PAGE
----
The Story About Kevin
By Christopher Caile
For years I taught karate at the State University
of New York at Buffalo. Of all the students I have
had, perhaps the one that has given me the greatest
joy was the one I least expected. And
he proved to be a great teacher as well. The story
of Kevin goes right to the root of the concept of
karate-do. While most people think students of karate
are tough and well coordinated, it is not always so.
If the practice of karate can develop and aid in personal
and spiritual self-improvement, then shouldn't karate
be able to benefit more people than just those who
are already strong?
I was stretching one evening just before the karate
class I instructed in the University's athletic center
when a young bearded man in a wheel chair wheeled
over to me and said something.
"Kaaan ah stuuuudeee Kaa raah ahhhh te?"
Later I found out that his voice and body coordination
had been distorted by the effects of cerebral palsy
he had since birth. At the time I had to listen several
times to understand that what he was asking was whether
he could study karate with us in class. I had to think
for a few seconds, for I had never worked with a handicapped
student much less one in a wheelchair. When I replied
I said, "sure you can study, but only if you
help yourself and if you fall you will have to get
up yourself." He seemed surprised. He later told
me that he had tried to join many other activities
but had always been turned down. He had been especially
sure no one would teach him karate. But Kevin did
study with us. At the beginning of every class he
pulled himself out of the wheelchair and with his
legs bent inward, arms waving for balance, he began.
His movements were uncoordinated and often he fell,
but he would get up and keep trying. Later he thanked
me for not trying to help him. He explained that by
treating him equally it made him feel he belonged.
Day by day the changes were almost imperceptible,
but over time the change was noticeable. His balance
improved along with his coordination, strength and
even his speech. He
began to come to class early in order to practice
walking up and down the stairs within the athletic
arena. Not only did this help his coordination but
it strengthened his legs. Kevin explained that exercise
was especially important for those with cerebral palsy
because without it, as people aged the body could
quickly deteriorate. At Christmas time his second
year I got a holiday card from Kevin. It was perhaps
the most memorable one I have ever received. In large,
uneven letters, across the inside was the message:
"Thank you for letting me try."
Although Kevin is still handicapped physically, his
spirit is tremendous. He also has a sharp wit and
sense of humor although his speech difficulties often
hide it. Two years ago, after more than eight years
of practice, he traveled to our organization's New
York headquarters to test for shodan (first degree
black belt). I was so proud. During the promotion
he was asked to do a kata before all the other black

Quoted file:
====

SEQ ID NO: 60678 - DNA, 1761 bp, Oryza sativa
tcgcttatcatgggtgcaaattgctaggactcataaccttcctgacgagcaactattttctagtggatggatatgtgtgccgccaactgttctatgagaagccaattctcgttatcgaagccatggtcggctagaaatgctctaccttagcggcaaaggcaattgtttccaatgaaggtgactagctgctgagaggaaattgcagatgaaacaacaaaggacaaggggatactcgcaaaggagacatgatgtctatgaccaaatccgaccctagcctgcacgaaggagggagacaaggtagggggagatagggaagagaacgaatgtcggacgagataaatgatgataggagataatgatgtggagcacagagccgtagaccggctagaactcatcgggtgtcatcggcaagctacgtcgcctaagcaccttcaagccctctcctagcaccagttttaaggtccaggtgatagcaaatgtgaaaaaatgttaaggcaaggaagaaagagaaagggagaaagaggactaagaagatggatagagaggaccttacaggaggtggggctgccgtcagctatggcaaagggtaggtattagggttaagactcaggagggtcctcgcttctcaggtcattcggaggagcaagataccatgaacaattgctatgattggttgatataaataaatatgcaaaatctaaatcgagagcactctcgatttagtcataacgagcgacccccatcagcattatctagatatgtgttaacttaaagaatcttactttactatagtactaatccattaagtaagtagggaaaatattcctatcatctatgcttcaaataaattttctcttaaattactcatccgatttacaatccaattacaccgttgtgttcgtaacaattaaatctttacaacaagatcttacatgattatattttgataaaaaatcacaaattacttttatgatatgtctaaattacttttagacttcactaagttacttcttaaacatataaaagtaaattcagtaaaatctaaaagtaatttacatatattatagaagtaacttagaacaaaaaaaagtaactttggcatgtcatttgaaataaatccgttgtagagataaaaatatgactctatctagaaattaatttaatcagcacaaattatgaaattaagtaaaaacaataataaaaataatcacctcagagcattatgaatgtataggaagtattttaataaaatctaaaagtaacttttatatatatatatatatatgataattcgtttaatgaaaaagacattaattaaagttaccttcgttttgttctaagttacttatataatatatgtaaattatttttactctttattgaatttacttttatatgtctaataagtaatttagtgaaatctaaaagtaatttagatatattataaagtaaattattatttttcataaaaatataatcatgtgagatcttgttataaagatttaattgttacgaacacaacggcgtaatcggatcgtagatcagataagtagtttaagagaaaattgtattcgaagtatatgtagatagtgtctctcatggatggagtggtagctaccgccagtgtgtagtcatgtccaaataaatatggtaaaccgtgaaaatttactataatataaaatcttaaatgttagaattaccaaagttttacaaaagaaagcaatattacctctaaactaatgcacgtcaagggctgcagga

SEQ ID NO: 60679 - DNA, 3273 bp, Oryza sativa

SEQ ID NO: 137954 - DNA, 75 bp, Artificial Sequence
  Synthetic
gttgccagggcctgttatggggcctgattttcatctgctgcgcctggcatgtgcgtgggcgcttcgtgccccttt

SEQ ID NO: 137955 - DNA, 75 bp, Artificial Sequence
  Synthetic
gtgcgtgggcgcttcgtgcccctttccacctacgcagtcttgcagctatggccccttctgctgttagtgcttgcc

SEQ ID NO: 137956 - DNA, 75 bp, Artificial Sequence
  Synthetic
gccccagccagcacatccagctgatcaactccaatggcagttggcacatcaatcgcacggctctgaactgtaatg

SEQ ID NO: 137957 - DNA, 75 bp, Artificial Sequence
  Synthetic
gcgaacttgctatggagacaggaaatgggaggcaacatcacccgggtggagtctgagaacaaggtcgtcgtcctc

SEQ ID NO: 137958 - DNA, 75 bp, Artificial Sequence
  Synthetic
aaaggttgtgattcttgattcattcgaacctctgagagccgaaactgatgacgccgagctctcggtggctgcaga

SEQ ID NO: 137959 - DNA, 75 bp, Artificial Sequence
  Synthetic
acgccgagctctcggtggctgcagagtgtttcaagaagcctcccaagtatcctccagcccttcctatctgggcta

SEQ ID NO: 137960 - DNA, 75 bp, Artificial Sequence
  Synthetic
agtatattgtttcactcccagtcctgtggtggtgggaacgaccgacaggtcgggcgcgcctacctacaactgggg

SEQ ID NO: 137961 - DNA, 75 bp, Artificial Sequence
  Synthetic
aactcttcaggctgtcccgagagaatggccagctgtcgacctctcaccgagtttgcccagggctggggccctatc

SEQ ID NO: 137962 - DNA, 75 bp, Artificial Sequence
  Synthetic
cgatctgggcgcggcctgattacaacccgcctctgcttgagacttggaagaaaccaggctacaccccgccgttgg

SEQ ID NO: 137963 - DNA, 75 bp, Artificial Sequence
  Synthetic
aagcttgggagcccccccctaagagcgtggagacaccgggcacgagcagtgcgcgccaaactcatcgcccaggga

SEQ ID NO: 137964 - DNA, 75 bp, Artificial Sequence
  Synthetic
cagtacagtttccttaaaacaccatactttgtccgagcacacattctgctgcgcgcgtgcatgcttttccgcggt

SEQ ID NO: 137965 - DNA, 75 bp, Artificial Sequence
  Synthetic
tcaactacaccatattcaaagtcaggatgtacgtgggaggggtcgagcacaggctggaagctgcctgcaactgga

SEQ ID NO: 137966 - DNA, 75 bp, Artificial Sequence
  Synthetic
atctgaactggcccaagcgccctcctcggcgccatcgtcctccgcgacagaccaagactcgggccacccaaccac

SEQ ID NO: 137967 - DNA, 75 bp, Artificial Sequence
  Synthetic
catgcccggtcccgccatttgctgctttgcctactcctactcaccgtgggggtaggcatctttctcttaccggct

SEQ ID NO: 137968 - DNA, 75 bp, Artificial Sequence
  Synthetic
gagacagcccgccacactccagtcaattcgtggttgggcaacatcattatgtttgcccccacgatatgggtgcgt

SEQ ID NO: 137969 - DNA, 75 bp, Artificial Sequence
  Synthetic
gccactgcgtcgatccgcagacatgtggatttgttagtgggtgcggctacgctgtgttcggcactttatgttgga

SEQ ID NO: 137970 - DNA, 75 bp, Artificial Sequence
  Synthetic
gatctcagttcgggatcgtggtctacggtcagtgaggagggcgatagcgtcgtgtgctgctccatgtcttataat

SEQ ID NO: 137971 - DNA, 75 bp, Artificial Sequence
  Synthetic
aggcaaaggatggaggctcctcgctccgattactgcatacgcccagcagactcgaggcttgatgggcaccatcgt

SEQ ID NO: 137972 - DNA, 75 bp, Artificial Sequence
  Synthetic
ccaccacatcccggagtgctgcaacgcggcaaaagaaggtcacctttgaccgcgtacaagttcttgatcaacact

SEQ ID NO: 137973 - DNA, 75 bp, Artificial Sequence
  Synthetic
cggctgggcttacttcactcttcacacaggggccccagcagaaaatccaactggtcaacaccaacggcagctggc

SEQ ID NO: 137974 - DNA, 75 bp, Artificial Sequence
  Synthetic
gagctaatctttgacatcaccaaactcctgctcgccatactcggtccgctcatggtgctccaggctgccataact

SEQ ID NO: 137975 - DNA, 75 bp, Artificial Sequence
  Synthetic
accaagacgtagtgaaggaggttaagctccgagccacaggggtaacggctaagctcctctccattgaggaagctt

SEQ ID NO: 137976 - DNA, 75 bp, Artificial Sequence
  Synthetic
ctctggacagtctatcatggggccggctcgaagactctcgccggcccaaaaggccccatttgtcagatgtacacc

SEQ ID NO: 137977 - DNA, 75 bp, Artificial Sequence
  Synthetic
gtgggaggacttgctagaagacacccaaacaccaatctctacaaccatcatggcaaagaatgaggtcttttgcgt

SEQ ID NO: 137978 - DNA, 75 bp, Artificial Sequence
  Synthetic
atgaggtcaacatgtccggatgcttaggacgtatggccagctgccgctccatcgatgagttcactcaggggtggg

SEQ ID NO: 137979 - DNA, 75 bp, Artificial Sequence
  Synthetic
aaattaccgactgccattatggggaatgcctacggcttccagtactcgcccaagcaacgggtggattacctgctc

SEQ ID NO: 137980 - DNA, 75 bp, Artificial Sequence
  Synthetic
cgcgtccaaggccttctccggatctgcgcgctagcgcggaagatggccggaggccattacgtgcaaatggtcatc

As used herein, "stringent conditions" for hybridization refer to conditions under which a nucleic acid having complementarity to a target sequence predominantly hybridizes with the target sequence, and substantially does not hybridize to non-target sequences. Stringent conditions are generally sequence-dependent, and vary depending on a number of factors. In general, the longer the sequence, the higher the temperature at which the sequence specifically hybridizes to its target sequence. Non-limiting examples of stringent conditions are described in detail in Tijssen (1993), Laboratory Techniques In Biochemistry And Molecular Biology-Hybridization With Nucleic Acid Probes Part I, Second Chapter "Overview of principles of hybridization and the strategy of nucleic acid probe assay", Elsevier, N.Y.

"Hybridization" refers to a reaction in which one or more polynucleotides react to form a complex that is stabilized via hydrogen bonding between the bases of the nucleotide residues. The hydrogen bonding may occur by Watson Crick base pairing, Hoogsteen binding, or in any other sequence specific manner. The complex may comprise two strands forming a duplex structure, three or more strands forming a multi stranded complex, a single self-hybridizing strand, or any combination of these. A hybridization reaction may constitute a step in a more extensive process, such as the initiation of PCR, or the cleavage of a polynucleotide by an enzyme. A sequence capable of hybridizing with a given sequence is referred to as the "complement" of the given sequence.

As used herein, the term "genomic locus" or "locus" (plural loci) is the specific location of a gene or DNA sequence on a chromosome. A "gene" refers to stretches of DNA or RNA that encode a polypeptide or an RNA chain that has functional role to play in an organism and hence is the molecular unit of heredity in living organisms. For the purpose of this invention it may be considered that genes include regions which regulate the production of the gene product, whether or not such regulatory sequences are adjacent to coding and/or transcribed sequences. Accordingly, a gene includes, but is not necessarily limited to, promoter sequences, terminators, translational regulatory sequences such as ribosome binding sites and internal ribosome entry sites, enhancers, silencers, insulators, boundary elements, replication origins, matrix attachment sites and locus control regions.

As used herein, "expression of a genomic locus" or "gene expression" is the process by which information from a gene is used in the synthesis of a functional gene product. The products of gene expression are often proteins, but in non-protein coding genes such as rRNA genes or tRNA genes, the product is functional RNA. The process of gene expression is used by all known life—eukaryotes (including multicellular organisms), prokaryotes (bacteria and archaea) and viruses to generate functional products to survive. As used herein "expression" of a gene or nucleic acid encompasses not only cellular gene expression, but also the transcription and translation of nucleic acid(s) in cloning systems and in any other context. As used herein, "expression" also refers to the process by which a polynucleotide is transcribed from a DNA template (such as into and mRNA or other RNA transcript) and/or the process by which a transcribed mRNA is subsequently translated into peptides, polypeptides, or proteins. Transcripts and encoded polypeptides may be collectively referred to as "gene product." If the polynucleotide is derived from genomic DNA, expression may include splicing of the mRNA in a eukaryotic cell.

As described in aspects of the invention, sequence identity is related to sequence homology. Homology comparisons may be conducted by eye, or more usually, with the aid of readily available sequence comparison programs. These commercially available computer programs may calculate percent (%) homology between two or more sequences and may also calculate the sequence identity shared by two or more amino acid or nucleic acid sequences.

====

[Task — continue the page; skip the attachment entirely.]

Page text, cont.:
belts in attendance, around 100. He did, and his movements
although awkward and still hesitant were pretty good.
Afterwards everyone got to their feet and applauded.
What observers didn't realize is how Kevin measured
his own success. He later asked me, "Do you know
what I tried to do hardest in my kata?" "No,"
I replied. "Just not to fall down," he said.
has taught me never to make quick judgments and never
to underestimate someone. He has also taught me that
each of us is very different and that each has his
or her own strengths, weaknesses and goals. Karate
helped him become stronger, better coordinated and
helped him feel he could fit in and accomplish something
he had set out to do. Now he doesn't always have to
use his wheelchair either. Often when he came to class,
he left the chair at home and walked to the bus that
brought him to campus. Being mostly a solo activity,
Karate thus proved to be an excellent form of physical
therapy. And in Kevin's case it also helped him develop
spirit and self-discipline. Perhaps it is something
that more people with coordination and body control
problems could benefit from.
Lest you think Kevin didn't also learn self-defense,
let me relay an incident that occurred on a downtown
street in Buffalo. Someone had picked Kevin, a slight
man in a wheelchair, as an easy target to rob. But
when he tried to grab Kevin's waist bag, the attacker
got the surprise of his life. The victim grabbed back.
While pulling the robber forward and down with one
hand, Kevin's other hand in a fist met the attacker
in the face. By the time several people from a nearby
store reached the pair, the attacker was on his back
on the sidewalk with Kevin sitting over him, threatening
to hit again.
Last year Kevin demonstrated a bo (six foot wooden
stick) kata at a tournament in Ithaca, New York. Afterwards
I talked to the audience about Kevin. "If you
are a student of karate perhaps you know the motto,
'If knocked down seven times, get up eight.' It's
a motto about perseverance. But most of you don't
realize that just to be able to do the simple things
like walking and standing we all take for granted,
Kevin literally has fallen down thousands of time
and gotten up thousands of times -- something few
of us here would ever be willing to try. He is an
example of spirit, someone we can all learn from.
So the next time you feel frustrated by something,
feel the world is against you, think of Kevin and
his spirit. It will make your challenge seem a lot
easier." Right after me another instructor also
got up to talk about Kevin and how his efforts inspired
him. "When I saw Kevin perform his kata, I started
to cry," the instructor began. But before he
could continue Kevin lightened the moment. In a loud
voice Kevin asked, "Was it that bad?"
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